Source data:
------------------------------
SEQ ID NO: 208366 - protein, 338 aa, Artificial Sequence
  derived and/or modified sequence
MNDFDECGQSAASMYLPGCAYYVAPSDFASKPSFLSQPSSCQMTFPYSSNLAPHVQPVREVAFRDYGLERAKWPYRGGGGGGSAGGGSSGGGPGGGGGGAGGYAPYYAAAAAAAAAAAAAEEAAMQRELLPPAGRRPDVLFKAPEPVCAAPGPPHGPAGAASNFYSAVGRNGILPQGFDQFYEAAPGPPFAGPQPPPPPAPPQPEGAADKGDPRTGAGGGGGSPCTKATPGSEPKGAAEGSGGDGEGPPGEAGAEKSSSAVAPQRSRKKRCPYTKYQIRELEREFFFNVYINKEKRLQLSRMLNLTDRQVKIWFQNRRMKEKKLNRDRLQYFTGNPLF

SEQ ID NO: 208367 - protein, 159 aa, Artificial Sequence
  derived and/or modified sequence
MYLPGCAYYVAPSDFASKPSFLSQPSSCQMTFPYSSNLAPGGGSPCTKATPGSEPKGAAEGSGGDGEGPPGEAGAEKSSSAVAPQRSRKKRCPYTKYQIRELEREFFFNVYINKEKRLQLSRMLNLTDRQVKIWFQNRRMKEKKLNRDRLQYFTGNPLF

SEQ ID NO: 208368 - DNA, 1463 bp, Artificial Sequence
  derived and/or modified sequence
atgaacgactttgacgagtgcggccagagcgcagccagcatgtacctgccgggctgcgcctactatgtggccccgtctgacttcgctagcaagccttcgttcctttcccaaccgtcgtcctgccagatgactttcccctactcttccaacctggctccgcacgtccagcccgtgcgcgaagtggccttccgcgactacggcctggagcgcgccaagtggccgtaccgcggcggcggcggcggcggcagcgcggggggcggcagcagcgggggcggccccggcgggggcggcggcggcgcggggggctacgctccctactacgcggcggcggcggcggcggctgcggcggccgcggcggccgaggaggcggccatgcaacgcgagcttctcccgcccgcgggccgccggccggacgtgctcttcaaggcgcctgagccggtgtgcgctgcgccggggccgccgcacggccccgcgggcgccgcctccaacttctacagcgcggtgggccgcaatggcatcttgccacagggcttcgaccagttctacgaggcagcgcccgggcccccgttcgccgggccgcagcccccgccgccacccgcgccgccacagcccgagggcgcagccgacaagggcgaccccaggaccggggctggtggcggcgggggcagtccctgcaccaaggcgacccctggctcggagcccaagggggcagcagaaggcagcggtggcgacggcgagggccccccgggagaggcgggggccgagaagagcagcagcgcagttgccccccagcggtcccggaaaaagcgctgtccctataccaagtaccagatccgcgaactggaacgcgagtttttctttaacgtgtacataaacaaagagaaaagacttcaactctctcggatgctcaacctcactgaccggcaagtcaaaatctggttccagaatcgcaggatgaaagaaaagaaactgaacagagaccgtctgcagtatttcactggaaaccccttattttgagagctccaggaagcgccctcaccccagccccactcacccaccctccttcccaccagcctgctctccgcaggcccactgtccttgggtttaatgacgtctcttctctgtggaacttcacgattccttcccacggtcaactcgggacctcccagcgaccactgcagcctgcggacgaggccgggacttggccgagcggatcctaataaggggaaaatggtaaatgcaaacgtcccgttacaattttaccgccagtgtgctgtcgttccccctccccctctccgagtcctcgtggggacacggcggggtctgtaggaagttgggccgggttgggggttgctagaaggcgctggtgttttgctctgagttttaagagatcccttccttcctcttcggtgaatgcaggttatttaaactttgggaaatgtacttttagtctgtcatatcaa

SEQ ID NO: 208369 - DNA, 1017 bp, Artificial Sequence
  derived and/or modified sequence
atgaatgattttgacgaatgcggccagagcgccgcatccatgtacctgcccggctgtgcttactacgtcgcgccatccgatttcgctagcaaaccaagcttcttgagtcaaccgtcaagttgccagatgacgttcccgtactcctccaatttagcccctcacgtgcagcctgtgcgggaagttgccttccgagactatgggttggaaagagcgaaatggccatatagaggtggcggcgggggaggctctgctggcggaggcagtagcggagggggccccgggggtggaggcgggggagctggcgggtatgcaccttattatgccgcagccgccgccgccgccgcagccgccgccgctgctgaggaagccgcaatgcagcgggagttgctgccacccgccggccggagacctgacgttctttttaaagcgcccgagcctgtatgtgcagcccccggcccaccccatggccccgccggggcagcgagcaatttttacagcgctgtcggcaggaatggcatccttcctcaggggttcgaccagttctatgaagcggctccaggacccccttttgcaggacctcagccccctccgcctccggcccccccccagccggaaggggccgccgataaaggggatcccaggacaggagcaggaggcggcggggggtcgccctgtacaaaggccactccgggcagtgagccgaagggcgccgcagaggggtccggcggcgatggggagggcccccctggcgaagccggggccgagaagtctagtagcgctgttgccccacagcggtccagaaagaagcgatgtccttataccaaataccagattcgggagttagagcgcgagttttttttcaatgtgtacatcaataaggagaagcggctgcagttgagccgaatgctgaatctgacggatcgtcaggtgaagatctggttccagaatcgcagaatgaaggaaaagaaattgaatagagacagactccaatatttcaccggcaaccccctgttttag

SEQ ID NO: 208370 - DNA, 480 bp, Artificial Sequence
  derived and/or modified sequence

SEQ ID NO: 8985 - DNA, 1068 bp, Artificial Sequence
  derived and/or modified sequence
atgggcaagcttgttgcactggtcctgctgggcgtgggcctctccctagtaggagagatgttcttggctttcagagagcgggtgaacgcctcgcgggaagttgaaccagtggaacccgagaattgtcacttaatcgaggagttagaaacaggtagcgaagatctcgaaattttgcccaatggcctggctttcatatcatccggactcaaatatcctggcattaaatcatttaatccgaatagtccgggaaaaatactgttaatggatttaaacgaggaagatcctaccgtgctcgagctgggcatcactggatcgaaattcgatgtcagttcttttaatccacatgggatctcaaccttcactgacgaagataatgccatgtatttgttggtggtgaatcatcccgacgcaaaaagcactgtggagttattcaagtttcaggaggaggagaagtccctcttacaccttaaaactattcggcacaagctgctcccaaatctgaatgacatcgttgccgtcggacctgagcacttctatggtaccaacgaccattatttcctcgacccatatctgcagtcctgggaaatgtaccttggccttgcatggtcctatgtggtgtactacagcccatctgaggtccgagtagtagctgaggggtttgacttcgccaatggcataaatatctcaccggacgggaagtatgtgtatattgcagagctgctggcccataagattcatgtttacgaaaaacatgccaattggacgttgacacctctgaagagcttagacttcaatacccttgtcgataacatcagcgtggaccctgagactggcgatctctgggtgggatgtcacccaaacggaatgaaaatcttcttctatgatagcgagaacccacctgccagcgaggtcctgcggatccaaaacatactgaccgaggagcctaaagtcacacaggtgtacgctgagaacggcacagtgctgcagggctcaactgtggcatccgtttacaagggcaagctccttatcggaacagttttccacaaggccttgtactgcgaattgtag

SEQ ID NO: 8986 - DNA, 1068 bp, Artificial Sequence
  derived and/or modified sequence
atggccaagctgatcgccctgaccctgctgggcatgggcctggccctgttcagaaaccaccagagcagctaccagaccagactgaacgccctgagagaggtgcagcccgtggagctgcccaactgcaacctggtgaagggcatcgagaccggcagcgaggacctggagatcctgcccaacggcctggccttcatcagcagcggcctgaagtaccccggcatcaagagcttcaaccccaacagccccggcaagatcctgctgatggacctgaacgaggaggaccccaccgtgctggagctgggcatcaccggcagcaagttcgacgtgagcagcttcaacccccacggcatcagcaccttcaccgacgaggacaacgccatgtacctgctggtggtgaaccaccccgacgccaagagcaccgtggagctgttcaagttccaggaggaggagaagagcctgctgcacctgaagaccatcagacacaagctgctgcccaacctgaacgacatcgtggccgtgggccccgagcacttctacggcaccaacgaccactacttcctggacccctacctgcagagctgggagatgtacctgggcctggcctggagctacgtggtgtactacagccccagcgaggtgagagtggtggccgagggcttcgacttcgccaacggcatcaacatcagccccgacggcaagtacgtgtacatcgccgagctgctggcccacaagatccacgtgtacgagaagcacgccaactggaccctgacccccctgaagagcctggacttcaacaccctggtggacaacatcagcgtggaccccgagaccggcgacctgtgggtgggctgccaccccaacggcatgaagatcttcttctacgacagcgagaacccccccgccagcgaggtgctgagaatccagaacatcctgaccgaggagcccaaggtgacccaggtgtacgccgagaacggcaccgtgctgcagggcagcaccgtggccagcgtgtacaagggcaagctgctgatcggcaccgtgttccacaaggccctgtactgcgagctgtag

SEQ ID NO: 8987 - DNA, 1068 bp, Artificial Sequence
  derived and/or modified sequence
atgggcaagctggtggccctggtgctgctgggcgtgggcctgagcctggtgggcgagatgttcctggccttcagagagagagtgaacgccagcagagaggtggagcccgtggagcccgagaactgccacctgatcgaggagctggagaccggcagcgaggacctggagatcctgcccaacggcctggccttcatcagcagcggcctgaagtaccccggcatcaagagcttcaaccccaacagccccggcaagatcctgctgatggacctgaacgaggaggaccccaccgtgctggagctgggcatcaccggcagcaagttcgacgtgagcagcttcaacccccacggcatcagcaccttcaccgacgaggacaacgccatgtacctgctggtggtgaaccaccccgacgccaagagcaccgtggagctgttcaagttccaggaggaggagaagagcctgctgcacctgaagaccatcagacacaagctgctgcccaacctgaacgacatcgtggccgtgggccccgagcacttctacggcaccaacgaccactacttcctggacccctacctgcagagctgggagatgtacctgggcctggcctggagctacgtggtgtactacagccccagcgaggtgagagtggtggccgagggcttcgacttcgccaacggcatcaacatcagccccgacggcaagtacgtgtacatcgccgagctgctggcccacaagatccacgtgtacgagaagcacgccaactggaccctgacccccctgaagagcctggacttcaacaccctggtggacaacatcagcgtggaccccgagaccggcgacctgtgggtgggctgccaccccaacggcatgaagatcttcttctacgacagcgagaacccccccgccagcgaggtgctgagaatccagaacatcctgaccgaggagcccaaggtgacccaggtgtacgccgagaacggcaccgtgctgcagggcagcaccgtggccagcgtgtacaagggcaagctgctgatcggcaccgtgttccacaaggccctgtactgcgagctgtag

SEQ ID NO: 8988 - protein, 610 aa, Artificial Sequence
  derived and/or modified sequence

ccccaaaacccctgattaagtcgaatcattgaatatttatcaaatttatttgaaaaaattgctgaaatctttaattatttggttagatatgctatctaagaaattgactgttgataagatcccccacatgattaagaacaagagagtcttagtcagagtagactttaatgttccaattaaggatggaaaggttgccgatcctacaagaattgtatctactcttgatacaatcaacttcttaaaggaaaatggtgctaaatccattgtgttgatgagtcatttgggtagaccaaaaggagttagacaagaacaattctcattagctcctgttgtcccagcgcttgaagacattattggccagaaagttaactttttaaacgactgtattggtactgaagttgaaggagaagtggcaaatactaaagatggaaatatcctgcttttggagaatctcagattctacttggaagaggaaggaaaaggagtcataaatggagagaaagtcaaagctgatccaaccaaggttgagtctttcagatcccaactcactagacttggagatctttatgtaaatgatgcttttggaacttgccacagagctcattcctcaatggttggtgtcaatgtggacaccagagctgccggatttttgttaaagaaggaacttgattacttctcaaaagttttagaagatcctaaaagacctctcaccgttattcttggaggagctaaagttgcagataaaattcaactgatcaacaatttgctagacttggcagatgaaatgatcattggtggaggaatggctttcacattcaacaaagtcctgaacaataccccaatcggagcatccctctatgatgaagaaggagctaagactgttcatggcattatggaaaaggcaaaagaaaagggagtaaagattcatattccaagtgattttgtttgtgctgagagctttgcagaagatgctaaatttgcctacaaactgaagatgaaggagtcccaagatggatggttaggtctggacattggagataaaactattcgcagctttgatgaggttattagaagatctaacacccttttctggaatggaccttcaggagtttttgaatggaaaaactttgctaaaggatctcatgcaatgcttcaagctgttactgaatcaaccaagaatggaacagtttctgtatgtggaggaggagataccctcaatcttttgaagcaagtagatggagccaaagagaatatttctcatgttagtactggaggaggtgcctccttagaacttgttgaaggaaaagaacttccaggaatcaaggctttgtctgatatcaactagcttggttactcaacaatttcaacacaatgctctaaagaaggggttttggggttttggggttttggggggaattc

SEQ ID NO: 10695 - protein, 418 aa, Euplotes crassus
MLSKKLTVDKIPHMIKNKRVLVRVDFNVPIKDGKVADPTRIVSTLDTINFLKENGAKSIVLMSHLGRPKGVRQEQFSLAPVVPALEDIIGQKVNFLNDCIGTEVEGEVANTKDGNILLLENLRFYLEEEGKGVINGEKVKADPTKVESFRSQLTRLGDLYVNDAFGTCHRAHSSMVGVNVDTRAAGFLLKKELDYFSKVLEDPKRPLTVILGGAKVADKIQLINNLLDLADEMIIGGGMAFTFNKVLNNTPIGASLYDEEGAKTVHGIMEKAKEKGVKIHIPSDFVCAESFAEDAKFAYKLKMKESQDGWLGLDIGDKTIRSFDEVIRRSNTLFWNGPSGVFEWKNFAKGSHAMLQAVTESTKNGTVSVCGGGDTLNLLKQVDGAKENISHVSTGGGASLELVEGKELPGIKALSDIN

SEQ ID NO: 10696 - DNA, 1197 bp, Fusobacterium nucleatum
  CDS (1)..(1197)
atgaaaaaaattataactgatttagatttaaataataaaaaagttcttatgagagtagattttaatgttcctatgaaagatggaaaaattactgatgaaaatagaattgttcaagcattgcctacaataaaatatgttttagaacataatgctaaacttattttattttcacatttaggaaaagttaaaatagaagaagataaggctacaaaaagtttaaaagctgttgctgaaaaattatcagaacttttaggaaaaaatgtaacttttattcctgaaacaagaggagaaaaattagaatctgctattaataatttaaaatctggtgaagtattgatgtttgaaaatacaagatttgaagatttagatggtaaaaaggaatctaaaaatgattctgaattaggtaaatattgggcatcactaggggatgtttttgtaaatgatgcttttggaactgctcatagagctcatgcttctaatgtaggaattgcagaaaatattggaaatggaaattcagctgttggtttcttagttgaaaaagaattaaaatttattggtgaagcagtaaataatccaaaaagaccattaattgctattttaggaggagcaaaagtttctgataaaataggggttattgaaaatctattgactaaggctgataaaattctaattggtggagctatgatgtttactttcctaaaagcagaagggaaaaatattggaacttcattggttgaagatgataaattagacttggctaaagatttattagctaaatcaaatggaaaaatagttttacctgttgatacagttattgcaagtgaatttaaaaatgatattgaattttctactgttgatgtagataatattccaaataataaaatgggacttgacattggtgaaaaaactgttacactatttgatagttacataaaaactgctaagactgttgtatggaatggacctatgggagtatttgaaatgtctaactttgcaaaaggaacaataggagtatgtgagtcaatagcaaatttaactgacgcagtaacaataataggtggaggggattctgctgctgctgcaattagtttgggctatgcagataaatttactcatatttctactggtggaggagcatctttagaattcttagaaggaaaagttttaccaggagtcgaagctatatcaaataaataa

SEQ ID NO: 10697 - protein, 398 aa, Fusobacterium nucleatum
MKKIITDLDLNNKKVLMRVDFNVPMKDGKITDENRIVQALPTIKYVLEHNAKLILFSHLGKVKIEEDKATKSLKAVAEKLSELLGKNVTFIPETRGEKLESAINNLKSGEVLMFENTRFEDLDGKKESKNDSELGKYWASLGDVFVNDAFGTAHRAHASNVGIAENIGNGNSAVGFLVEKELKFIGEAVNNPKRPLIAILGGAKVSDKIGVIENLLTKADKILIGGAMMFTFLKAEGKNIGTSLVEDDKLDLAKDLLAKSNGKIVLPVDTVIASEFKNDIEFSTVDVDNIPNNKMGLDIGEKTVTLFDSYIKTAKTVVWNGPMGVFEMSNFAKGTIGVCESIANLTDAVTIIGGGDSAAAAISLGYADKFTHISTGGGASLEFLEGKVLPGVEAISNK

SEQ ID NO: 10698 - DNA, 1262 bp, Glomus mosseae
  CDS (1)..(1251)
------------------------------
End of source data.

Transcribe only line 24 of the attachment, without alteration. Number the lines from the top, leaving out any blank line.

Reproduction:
SEQ ID NO: 8988 - protein, 610 aa, Artificial Sequence